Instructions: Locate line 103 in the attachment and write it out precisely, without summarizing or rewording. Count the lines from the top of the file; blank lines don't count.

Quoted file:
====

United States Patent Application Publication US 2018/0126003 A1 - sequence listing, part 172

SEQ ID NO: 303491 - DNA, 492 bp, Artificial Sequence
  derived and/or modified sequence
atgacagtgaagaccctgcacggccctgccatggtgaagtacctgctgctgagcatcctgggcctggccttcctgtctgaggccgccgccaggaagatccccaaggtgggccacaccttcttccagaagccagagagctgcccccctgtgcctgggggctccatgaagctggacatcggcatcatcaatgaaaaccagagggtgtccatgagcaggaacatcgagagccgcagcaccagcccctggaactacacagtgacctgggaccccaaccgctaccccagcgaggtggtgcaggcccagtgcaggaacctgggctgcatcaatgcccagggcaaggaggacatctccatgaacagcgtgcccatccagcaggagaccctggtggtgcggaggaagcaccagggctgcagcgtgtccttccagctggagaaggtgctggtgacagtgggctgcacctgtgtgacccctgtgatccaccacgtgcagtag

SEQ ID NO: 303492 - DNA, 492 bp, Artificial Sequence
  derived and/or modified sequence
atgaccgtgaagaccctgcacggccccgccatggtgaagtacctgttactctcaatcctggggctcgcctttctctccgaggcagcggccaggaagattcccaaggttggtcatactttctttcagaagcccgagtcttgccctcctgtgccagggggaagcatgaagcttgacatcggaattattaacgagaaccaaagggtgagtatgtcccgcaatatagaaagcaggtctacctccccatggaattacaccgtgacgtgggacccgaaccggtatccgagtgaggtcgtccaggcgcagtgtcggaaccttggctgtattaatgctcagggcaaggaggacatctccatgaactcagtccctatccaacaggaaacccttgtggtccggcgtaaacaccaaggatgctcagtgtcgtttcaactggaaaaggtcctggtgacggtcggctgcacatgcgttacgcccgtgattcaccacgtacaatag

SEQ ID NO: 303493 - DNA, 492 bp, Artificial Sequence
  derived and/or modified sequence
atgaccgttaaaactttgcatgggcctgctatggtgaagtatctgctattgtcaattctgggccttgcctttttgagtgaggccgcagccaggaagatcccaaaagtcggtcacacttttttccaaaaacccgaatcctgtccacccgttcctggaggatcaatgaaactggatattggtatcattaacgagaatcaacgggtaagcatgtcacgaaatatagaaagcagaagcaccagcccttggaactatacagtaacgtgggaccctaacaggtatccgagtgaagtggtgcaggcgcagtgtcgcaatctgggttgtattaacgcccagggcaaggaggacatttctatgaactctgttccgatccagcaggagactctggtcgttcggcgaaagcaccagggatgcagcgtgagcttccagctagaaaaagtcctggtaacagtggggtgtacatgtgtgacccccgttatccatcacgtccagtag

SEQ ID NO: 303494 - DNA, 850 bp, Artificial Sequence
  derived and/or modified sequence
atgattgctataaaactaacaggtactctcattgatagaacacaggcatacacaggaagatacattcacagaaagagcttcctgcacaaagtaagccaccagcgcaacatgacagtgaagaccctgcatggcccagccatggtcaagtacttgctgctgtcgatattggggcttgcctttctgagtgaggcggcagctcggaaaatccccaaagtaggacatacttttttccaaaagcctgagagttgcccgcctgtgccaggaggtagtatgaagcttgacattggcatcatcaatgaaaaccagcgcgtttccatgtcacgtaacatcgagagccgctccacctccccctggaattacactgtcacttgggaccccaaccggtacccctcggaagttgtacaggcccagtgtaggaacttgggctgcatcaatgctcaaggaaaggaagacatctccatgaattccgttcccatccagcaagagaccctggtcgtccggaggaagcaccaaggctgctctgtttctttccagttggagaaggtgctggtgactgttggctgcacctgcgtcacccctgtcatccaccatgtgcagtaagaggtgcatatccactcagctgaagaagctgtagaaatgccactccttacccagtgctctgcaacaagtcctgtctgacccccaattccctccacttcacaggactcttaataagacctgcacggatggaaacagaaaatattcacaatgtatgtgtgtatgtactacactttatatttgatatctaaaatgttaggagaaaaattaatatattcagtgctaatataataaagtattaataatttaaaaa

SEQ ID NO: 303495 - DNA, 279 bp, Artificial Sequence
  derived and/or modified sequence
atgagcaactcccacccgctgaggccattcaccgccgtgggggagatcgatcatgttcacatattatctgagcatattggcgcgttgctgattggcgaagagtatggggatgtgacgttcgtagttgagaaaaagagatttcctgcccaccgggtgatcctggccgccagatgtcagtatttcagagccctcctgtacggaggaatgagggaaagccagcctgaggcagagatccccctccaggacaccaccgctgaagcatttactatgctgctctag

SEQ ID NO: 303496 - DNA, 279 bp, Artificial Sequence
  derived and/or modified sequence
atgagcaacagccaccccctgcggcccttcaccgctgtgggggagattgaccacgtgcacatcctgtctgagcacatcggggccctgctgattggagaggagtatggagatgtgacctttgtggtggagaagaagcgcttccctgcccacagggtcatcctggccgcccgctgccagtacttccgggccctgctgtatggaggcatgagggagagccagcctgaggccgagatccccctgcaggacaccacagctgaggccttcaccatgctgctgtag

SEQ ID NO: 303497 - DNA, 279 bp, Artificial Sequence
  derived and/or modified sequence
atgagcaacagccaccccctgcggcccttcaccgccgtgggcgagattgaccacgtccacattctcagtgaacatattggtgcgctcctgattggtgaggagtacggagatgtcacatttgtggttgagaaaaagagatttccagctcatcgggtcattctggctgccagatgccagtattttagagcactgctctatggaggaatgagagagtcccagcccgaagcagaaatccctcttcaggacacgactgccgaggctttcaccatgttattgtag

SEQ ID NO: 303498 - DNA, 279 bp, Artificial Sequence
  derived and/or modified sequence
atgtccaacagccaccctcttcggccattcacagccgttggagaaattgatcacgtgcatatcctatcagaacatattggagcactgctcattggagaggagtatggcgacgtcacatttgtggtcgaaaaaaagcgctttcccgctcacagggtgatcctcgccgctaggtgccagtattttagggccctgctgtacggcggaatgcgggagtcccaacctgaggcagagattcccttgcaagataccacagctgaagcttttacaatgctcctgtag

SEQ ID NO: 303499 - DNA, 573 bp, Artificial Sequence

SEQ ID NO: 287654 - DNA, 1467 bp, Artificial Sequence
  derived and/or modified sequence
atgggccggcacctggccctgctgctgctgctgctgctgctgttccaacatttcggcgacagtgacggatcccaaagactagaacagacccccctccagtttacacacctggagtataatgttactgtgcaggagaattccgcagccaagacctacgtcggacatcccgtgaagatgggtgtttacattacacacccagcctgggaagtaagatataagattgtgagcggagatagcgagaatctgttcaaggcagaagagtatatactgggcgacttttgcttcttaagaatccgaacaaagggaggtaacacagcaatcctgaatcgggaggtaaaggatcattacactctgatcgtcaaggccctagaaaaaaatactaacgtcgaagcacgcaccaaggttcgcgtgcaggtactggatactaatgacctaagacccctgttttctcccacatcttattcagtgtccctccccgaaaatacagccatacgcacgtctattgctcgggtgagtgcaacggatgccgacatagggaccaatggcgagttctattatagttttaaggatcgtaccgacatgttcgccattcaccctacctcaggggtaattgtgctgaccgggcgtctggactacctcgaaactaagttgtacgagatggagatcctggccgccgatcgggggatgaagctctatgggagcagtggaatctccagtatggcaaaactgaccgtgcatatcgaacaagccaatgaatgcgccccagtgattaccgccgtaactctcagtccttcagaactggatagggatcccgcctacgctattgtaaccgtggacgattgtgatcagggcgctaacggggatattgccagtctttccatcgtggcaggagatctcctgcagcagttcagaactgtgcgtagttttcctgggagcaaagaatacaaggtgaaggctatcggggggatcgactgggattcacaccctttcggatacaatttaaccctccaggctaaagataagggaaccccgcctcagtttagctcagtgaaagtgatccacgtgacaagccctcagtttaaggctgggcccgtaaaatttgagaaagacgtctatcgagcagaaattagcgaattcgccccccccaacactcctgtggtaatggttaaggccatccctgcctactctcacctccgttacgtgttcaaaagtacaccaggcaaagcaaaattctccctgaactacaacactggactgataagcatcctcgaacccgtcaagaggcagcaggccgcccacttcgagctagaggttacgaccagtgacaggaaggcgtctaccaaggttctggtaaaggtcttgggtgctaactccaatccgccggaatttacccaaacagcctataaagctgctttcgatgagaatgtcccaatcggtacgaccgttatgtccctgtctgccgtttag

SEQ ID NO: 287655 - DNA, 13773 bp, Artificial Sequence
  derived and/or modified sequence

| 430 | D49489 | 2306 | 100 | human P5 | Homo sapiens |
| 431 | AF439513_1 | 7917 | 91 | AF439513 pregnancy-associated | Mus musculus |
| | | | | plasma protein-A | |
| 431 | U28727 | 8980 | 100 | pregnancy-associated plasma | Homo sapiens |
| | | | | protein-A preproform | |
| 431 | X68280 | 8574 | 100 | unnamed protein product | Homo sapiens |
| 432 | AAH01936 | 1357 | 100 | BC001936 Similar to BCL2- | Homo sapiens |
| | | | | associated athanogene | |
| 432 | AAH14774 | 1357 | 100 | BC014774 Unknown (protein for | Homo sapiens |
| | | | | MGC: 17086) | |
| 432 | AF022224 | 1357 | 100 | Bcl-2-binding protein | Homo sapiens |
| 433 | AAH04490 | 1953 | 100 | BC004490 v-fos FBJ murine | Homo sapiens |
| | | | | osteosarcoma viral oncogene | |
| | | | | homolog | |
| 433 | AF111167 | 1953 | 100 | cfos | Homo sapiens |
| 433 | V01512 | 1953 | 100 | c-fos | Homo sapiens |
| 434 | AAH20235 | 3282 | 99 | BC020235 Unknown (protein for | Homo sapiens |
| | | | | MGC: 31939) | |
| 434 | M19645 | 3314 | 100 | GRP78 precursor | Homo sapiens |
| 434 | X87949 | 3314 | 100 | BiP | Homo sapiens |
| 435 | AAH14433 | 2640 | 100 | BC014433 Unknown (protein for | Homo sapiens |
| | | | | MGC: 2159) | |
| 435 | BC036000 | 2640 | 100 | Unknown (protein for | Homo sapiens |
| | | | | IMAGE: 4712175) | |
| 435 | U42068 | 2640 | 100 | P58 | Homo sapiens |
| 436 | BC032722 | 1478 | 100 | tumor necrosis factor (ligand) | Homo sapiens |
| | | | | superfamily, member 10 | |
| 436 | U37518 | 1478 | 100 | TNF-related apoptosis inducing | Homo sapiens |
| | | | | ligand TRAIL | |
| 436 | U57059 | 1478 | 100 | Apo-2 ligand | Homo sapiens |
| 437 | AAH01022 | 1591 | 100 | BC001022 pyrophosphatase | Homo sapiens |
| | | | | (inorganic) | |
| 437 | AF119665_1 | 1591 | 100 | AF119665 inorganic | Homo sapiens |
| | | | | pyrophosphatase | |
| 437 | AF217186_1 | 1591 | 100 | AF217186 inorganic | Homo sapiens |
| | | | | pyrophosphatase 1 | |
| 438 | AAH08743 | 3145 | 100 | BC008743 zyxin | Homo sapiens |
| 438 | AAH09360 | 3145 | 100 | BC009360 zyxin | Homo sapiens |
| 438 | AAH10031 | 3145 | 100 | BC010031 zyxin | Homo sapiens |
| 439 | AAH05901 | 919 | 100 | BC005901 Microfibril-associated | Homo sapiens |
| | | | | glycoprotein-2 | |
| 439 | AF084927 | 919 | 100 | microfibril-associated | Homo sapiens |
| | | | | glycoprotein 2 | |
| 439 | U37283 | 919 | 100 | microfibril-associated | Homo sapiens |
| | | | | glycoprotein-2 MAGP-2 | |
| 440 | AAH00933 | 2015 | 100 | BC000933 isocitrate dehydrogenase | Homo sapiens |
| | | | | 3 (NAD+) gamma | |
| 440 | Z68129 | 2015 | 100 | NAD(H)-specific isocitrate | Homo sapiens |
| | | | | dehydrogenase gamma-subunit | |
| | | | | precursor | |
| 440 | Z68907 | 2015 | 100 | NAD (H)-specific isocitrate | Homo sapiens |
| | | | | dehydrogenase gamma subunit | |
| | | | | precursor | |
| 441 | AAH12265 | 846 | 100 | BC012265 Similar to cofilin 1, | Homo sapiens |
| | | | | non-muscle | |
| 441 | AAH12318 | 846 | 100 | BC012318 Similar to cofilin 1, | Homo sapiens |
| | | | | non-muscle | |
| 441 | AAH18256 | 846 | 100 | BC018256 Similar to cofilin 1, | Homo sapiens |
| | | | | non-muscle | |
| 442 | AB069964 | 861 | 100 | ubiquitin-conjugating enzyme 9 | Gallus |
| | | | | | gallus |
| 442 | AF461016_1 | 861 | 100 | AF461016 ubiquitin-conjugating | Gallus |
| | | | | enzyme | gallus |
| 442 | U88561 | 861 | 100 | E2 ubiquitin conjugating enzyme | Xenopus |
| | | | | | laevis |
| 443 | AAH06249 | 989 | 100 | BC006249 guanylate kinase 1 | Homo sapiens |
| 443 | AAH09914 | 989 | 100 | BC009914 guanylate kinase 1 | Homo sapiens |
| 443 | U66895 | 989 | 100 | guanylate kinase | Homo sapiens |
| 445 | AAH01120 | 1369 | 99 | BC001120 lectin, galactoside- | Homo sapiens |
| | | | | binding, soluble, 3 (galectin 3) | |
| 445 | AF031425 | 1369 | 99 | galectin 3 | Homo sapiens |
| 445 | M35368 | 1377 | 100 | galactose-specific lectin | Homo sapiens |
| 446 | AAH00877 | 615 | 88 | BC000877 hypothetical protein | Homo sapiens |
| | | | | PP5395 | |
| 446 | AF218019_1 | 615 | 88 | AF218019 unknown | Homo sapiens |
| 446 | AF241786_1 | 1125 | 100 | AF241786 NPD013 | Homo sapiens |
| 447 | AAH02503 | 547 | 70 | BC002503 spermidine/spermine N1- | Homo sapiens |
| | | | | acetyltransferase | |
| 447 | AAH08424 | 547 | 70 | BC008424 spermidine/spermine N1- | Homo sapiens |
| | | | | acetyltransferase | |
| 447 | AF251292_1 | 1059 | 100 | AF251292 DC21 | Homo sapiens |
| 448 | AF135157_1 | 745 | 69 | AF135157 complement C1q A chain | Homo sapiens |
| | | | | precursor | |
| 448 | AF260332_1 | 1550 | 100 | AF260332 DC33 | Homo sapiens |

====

| 445 | M35368 | 1377 | 100 | galactose-specific lectin | Homo sapiens |